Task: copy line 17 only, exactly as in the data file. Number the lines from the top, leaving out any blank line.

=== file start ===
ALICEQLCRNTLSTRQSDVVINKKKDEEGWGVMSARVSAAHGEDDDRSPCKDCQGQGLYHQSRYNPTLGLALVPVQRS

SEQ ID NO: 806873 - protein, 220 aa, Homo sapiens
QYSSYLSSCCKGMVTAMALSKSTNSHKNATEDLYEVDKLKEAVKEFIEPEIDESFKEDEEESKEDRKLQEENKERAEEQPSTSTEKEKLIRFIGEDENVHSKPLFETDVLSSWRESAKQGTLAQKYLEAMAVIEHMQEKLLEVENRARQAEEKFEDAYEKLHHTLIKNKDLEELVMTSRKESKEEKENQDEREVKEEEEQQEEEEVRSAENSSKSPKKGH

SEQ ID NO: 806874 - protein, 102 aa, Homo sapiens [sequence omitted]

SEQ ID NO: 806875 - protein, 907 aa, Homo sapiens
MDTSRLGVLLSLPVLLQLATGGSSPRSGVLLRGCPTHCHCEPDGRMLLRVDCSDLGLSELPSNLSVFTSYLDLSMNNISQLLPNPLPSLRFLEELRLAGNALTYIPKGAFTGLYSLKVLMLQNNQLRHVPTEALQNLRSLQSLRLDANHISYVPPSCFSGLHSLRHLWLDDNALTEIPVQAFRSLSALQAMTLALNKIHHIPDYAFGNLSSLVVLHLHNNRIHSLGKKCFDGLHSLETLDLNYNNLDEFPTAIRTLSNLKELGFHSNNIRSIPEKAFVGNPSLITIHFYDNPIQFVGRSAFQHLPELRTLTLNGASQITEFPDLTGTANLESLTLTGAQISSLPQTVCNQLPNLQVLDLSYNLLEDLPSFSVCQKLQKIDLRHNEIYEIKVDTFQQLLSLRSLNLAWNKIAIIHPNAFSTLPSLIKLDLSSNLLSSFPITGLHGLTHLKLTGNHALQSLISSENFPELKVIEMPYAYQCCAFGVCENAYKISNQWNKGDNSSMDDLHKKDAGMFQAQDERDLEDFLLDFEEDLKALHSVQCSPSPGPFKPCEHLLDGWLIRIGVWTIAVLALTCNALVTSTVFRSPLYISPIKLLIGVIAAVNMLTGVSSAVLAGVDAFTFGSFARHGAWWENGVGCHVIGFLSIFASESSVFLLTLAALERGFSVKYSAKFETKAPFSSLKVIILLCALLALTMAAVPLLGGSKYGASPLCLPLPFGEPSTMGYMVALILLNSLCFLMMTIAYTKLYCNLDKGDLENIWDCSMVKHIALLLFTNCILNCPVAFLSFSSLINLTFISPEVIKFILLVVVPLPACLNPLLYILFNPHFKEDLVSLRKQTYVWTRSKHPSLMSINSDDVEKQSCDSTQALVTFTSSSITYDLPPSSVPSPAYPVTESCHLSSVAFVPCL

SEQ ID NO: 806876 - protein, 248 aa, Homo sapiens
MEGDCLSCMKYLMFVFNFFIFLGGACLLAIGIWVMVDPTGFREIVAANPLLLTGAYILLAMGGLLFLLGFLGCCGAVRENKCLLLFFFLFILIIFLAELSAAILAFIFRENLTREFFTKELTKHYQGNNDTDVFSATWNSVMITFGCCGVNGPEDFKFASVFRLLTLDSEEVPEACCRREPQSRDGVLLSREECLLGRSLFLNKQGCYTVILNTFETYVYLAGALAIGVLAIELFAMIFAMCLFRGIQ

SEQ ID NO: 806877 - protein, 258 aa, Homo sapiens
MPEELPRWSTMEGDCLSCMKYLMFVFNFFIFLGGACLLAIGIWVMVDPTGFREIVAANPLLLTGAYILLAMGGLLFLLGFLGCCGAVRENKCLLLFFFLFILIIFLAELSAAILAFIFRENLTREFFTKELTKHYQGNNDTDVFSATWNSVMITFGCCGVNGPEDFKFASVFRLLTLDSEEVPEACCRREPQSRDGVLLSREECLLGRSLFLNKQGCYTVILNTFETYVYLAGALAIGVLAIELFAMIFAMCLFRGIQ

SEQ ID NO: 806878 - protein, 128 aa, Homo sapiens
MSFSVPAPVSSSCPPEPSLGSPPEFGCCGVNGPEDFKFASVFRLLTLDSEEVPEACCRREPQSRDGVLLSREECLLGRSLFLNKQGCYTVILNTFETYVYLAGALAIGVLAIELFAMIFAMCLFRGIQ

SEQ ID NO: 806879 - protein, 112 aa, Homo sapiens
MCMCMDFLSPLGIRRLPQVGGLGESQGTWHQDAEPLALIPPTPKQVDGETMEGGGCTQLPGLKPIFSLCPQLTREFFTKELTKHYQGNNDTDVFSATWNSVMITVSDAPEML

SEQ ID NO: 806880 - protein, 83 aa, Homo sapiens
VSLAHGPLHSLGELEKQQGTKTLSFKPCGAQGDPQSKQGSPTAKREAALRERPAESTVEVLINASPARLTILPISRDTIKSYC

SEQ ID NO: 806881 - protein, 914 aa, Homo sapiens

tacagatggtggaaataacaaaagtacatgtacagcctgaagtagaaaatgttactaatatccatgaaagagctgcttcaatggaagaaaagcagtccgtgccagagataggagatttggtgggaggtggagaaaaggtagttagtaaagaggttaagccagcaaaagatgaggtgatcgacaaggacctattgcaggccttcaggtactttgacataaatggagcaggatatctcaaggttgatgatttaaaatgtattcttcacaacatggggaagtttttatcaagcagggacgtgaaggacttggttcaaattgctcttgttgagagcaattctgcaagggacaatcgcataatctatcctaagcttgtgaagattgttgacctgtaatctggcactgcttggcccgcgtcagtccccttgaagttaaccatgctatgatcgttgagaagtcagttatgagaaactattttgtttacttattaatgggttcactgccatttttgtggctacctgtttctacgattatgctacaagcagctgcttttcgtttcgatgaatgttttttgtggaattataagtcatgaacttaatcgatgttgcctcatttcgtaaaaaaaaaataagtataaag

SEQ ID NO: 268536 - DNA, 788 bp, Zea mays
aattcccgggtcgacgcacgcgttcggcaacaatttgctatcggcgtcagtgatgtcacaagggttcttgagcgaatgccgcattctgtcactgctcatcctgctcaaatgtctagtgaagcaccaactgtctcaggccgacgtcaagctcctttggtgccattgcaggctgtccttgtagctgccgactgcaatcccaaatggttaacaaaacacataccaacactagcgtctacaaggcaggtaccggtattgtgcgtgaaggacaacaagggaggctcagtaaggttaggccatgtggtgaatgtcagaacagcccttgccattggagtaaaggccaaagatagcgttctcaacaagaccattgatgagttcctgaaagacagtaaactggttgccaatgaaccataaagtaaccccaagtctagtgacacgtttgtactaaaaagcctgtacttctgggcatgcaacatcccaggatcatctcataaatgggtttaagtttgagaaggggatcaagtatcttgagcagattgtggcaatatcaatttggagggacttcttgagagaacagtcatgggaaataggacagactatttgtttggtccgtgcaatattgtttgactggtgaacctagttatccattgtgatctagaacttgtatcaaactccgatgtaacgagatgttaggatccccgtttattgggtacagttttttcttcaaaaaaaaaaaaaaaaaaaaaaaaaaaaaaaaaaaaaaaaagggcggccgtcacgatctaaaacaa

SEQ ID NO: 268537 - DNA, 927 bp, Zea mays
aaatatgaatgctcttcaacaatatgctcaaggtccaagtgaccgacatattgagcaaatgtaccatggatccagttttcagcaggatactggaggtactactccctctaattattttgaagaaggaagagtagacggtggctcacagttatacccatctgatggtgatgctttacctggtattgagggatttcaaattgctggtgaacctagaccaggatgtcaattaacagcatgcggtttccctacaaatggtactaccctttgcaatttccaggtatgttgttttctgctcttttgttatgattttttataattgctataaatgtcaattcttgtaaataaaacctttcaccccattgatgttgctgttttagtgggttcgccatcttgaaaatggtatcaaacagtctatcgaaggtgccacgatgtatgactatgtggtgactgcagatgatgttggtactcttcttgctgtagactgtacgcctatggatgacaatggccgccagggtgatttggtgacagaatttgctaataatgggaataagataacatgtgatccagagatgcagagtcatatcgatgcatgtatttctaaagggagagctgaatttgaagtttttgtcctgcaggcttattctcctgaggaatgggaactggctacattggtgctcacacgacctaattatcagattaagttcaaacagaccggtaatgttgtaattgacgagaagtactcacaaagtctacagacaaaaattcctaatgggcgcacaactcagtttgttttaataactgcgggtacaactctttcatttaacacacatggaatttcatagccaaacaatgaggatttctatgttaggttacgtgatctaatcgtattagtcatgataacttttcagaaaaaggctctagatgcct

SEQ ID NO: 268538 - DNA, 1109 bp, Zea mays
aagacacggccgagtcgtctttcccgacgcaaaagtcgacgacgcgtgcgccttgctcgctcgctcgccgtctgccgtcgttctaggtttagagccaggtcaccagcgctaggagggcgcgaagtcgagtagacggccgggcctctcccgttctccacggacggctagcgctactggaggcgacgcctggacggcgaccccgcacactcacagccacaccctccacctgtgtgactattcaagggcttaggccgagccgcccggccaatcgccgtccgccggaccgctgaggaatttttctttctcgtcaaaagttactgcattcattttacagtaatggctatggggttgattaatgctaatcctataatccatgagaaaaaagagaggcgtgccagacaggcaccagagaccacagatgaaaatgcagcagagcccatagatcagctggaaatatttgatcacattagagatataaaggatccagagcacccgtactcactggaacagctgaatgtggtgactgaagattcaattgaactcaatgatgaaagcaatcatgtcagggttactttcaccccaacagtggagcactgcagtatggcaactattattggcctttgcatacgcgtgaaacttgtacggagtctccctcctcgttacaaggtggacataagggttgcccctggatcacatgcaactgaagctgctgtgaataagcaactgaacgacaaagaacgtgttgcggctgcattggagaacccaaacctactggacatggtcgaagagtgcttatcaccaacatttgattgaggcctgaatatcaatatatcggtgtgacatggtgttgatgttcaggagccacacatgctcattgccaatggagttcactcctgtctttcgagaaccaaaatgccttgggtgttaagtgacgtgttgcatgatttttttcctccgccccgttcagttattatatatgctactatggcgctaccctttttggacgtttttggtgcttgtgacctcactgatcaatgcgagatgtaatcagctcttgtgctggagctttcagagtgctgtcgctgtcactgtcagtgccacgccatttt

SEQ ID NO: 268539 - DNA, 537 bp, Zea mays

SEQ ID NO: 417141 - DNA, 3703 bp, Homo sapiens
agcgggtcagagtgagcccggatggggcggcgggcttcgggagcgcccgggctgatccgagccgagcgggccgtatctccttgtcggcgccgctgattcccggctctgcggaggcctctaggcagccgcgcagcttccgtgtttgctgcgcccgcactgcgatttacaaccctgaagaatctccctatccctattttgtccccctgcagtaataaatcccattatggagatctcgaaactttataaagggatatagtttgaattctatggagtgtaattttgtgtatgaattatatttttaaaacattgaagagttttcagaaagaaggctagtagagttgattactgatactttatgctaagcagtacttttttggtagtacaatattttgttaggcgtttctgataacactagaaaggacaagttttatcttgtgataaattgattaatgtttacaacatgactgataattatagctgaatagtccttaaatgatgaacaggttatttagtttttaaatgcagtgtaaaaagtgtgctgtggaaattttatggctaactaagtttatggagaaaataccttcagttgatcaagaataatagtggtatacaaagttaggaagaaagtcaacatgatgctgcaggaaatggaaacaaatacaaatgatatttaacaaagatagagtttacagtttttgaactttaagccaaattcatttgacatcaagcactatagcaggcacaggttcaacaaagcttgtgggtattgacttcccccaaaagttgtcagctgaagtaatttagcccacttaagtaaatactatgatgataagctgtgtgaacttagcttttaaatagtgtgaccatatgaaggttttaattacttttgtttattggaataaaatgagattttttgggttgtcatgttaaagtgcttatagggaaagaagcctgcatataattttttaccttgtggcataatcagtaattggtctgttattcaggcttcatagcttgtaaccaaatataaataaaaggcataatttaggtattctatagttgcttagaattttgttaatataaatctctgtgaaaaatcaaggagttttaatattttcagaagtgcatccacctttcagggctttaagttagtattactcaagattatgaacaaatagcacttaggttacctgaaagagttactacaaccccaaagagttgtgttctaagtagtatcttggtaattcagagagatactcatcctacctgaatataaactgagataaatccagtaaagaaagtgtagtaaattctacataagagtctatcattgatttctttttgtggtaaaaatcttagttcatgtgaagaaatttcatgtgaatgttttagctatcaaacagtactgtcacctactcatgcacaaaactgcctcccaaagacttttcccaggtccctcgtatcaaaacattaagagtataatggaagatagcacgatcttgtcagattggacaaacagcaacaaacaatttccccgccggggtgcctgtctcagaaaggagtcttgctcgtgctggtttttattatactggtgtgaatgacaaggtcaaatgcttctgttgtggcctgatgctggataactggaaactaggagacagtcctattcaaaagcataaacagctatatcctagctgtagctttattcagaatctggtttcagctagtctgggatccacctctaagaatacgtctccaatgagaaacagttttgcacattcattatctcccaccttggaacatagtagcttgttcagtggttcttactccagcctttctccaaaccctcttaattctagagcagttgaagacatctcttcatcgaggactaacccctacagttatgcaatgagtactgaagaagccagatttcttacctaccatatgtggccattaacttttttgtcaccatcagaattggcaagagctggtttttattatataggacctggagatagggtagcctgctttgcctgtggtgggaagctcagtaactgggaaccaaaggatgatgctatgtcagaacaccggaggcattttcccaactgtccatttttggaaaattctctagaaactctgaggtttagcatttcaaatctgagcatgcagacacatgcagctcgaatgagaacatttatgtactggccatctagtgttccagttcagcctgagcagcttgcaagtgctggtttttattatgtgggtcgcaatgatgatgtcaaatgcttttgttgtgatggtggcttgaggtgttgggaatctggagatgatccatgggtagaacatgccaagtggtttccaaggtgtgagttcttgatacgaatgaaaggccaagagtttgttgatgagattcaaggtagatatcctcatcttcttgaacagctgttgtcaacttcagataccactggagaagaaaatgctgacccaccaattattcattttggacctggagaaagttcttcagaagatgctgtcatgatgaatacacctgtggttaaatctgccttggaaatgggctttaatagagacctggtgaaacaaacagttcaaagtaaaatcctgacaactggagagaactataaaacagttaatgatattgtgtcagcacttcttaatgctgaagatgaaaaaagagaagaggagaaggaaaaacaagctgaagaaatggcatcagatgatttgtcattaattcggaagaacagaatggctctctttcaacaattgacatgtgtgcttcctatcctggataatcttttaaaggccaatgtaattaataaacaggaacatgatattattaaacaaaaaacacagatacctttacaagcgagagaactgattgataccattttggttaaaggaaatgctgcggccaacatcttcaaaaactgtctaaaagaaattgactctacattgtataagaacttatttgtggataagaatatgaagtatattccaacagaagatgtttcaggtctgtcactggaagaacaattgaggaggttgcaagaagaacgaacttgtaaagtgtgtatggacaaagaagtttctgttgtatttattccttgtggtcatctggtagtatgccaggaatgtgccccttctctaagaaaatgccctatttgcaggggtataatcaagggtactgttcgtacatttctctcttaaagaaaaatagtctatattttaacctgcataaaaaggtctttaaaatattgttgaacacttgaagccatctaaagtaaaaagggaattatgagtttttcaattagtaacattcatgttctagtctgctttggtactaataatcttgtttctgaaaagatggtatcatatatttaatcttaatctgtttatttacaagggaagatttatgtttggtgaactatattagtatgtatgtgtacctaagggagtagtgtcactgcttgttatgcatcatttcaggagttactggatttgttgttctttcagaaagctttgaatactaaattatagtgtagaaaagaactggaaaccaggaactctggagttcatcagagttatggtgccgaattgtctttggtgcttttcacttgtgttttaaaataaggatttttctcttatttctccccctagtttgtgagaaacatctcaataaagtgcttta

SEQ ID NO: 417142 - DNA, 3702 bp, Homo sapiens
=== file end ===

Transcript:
SEQ ID NO: 806881 - protein, 914 aa, Homo sapiens